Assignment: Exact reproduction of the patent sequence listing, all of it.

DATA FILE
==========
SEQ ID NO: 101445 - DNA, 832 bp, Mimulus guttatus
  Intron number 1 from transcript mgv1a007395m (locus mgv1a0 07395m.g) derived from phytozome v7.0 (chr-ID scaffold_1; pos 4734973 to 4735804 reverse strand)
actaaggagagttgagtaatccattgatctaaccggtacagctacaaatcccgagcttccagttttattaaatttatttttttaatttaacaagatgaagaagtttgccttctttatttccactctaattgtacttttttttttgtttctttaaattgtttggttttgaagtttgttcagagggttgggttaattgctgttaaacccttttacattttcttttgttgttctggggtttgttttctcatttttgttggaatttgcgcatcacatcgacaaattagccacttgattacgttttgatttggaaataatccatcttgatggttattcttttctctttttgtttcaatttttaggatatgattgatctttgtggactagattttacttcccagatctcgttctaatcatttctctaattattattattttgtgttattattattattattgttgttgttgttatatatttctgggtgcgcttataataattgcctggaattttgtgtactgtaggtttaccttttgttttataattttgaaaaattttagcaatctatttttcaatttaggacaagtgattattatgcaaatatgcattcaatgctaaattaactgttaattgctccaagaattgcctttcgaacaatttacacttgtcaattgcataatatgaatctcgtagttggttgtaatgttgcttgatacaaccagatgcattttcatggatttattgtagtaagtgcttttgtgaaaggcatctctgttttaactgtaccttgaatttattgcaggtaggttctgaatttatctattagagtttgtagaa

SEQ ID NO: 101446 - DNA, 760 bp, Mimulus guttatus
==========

SEQ ID NO: 101445 - DNA, 832 bp, Mimulus guttatus
  Intron number 1 from transcript mgv1a007395m (locus mgv1a0 07395m.g) derived from phytozome v7.0 (chr-ID scaffold_1; pos 4734973 to 4735804 reverse strand)
actaaggagagttgagtaatccattgatctaaccggtacagctacaaatcccgagcttccagttttattaaatttatttttttaatttaacaagatgaagaagtttgccttctttatttccactctaattgtacttttttttttgtttctttaaattgtttggttttgaagtttgttcagagggttgggttaattgctgttaaacccttttacattttcttttgttgttctggggtttgttttctcatttttgttggaatttgcgcatcacatcgacaaattagccacttgattacgttttgatttggaaataatccatcttgatggttattcttttctctttttgtttcaatttttaggatatgattgatctttgtggactagattttacttcccagatctcgttctaatcatttctctaattattattattttgtgttattattattattattgttgttgttgttatatatttctgggtgcgcttataataattgcctggaattttgtgtactgtaggtttaccttttgttttataattttgaaaaattttagcaatctatttttcaatttaggacaagtgattattatgcaaatatgcattcaatgctaaattaactgttaattgctccaagaattgcctttcgaacaatttacacttgtcaattgcataatatgaatctcgtagttggttgtaatgttgcttgatacaaccagatgcattttcatggatttattgtagtaagtgcttttgtgaaaggcatctctgttttaactgtaccttgaatttattgcaggtaggttctgaatttatctattagagtttgtagaa

SEQ ID NO: 101446 - DNA, 760 bp, Mimulus guttatus